Menu

Home » Corrections»

See above Wooledge's post on the Huffington Post's comedy section, tagged as satire. (Credit: Huffington Post, screenshot, highlight added)

MSNBC aired a fake news report claiming that “technology juggernauts Apple and Microsoft were ‘marrying up’ and taking on same-sex marriage opponent the National Organization for Marriage,” Fox News’ Fox Nation reported.

The report was aired by MSNBC’s Thomas Roberts, who is quoted as saying April 4,

“Tech rivals Apple and Microsoft are marrying up and asking the National Organization for Marriage its supporters to boycott their companies. This follows the release of secret documents last week showing part of the organization’s strategy to quote ‘drive a wedge’ between blacks and gays on the issue of marriage equality.”

Fox Nation reported that the story originated from a Daily Kos “satirical post” that the Huffington Post’s comedy section picked up.  See the satirical article “Microsoft, Apple Unite to Demand That the National Organization for Marriage Boycott Them” here.

The satirical story cites phony Microsoft and Apple spokespeople.  A clue could have been in the satirical story’s quote from Microsoft in which Starbucks is referred to as “those yuppie bean heads.”  Apple is quoted in the satire article as saying it wants a “thank-you card” and both companies refer to rainbows in their logos.

According to Media Bistro’s TV Newser, Roberts corrected his report April 5.

The original article, by Scott Wooledge, was published April 4 on the Daily Kos website, and the article on the Huffington Post’s website includes a note at the bottom reading: “NOTE: This piece is satirical. All quotations are fabrications for the purpose of satire.”  According to Mediaite, MSNBC’s Roberts said that the MSNBC report came from the Huffington Post’s, where it was clearly labeled satire at the end.

Roberts’ correction said : “Upon closer inspection, at the very end of the article it says it was satirical. We take issues of equality very seriously, not as satire. It was my error.”

In a follow-up post for the Daily Kos, Wooledge wrote “Lesson to MSNBC: Don’t believe everything you read on the internet.”

You May Also Like...

Media Misleads on NASA Moon Mission: Headlines Say We "Bombed" The Moon

On Roberts’ correction, Wooledge wrote: ” We are all human, and occasionally we make mistakes. He has behaved responsibly and brought the error to his viewers’ attention, promptly and with humility, as any professional journalist would.”

Wooledge told iMediaEthics by e-mail that the post on the Daily Kos website was “tagged” as “snark.”  He explained that “it’s not unusual for us to post fake news stories [on the Daily Kos] to pull each other’s legs.”  Wooledge noted that he is “rather certain” that MSNBC’s Roberts spotted the story from the Huffington Post publication, which carried a disclaimer.

Wooledge added that:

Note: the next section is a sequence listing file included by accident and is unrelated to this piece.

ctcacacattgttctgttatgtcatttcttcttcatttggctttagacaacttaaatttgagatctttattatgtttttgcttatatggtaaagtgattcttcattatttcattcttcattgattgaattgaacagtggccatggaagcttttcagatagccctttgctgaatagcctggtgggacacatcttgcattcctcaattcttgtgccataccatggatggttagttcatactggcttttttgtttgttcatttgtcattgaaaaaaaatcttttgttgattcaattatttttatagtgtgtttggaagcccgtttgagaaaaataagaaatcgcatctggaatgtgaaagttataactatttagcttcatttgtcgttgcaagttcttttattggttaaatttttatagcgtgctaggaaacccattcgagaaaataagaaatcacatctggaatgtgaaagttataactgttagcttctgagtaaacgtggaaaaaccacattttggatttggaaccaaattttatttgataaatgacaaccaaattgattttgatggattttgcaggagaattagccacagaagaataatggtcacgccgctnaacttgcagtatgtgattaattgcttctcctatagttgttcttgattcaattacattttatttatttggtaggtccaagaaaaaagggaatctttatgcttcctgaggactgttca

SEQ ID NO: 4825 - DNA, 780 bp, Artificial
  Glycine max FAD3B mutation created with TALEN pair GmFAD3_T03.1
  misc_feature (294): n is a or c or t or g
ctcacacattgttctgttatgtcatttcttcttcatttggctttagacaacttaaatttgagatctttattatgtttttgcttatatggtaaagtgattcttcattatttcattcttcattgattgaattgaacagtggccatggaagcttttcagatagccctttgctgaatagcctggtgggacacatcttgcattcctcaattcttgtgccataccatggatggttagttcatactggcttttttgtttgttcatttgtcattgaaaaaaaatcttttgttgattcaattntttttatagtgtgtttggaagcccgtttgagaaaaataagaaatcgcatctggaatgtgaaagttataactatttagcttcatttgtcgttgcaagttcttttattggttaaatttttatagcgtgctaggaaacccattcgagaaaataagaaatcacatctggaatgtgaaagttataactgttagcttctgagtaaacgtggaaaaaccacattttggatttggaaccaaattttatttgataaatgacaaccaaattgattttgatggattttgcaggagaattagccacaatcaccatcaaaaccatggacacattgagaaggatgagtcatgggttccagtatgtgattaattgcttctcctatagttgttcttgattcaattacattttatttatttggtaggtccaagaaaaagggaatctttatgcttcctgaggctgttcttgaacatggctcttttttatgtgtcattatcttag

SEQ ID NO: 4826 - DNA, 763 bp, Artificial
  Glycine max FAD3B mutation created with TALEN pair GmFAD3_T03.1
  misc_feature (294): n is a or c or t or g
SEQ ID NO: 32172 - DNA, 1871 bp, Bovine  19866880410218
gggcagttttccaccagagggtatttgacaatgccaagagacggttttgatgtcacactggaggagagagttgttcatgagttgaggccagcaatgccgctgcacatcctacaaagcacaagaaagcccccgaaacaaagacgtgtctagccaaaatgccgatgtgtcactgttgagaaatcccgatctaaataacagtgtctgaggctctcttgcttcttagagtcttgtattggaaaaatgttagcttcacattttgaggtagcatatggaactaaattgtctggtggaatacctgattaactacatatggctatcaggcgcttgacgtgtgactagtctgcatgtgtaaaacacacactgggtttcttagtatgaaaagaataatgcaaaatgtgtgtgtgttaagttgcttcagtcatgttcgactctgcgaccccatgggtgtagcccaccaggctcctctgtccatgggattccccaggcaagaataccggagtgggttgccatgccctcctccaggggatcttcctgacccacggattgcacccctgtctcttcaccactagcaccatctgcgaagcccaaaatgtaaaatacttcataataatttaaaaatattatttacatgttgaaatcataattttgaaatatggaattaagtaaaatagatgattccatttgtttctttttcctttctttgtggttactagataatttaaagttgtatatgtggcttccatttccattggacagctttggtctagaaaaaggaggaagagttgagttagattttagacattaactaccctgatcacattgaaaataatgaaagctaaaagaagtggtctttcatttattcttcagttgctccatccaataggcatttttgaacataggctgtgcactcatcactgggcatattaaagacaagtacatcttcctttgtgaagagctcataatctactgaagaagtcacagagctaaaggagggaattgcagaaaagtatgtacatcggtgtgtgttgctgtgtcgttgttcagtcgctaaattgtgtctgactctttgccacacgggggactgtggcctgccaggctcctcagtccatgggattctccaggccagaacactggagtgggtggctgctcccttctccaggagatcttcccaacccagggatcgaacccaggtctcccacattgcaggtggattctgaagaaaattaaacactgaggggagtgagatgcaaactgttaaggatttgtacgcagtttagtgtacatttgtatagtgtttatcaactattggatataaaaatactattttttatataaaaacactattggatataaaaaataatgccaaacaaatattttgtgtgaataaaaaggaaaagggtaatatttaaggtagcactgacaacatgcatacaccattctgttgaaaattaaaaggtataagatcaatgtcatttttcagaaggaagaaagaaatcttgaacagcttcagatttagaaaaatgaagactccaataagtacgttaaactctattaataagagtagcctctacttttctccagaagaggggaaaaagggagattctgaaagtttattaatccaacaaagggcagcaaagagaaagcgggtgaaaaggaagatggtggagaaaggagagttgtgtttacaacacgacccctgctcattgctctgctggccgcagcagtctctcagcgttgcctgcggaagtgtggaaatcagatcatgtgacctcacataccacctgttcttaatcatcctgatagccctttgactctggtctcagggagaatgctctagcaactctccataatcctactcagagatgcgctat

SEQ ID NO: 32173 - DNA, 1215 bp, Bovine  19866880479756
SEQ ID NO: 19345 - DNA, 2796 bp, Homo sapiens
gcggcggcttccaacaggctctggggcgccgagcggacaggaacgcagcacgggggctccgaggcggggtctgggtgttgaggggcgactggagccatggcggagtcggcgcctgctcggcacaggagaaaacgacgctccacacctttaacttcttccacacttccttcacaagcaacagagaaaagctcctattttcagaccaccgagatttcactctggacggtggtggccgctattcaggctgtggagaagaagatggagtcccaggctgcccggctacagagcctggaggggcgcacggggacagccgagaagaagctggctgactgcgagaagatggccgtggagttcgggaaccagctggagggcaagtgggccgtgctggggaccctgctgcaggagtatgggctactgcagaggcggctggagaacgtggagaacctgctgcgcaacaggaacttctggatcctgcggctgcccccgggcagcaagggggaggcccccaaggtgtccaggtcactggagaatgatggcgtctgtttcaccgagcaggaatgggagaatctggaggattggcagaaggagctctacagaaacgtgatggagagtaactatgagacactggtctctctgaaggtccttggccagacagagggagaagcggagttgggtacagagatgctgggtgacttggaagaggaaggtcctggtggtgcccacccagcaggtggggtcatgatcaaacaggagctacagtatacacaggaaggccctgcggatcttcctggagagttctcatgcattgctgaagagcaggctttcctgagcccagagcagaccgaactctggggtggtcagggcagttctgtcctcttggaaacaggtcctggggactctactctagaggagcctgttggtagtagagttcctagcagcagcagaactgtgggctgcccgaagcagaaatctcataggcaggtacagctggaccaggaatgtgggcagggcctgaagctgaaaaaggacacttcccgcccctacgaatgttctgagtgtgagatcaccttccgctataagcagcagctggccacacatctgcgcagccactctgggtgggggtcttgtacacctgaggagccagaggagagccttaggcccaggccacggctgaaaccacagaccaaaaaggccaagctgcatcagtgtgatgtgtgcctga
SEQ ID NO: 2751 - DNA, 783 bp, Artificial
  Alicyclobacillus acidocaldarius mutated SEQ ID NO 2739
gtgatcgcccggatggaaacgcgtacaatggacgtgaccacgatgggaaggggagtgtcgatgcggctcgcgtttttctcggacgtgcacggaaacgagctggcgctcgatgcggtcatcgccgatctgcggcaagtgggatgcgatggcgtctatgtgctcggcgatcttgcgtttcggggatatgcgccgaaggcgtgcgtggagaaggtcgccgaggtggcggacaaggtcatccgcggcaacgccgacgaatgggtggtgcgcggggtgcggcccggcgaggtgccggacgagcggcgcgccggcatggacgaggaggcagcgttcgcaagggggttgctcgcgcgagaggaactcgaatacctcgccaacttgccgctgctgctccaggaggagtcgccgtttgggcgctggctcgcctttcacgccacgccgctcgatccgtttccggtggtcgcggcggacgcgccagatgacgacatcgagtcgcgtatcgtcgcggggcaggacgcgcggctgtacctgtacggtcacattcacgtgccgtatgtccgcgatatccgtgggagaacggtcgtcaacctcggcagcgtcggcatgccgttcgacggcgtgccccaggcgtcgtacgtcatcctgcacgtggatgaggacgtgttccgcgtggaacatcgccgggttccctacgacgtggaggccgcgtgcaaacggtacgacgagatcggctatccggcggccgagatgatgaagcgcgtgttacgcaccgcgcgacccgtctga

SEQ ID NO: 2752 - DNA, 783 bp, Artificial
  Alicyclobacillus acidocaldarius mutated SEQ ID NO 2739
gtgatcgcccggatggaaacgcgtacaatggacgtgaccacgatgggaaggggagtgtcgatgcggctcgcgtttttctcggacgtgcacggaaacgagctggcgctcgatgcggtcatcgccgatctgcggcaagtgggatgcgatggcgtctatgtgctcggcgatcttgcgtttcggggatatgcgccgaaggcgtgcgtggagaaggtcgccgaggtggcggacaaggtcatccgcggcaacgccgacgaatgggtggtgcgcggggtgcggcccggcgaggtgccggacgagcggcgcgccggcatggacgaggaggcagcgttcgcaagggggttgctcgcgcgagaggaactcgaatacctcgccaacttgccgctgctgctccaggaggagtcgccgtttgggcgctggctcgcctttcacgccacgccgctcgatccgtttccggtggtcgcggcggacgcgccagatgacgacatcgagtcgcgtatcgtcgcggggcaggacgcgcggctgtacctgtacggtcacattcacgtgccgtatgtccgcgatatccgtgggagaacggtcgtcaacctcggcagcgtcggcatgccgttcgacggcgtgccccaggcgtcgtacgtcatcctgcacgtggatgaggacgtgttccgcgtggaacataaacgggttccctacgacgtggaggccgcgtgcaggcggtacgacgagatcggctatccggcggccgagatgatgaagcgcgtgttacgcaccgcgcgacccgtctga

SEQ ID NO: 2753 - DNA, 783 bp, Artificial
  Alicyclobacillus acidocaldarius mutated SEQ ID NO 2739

“I think it’s kind of sad that fact checking is so lax that a major media organization would run with such a story without asking Microsoft, Apple or myself the “original reporter” for comment., I certainly would have told them it was a spoof, and as you see, I’m not that hard to get ahold of, a few strokes of Google should do it. But MSNBC and Roberts are not that unusual. Many media outlets are not as scrupulous about checking sources as they could be and owning their responsibility to present good information. It’s a lesson to us all, not to believe everything we read on the internet or see on TV, which is a good lesson.”

MSNBC has been hoaxed by satire articles online before, as we have written.  In January 2011, MSNBC’s Rachel Maddow was hoaxed by satirical website ChristWire.org.  Maddow reported information from the satirical website’s report calling for Sarah Palin to “speak out publicly and forcibly for an American-led invasion to protect our interests in North Africa.”

A few months before MSNBC fell for the ChristWire.org report, the Atlantic Wire called out the Huffington Post for reporting on a separate satirical ChristWire.org post as if it were news, as we wrote in August 2011.

And, in July 2011, at least two outlets reportedly published stories based on a satirical ChristWire.org report that was headlined “Boycott Bill Murray for a Better America.”  The ChristWire.org article called the actor “a weak man, a murderer of lambs” and more.

UPDATE: 4/16/2012 10:19 AM EST:  Made small edits

Submit a tip / Report a problem

MSNBC Corrects after Airing Satire as News

Share this article:

Comments Terms and Conditions

  • We reserve the right to edit/delete comments which harass, libel, use coarse language and profanity.
  • We moderate comments especially when there is conflict or negativity among commenters.
  • Leave a Reply

    Your email address will not be published. Required fields are marked *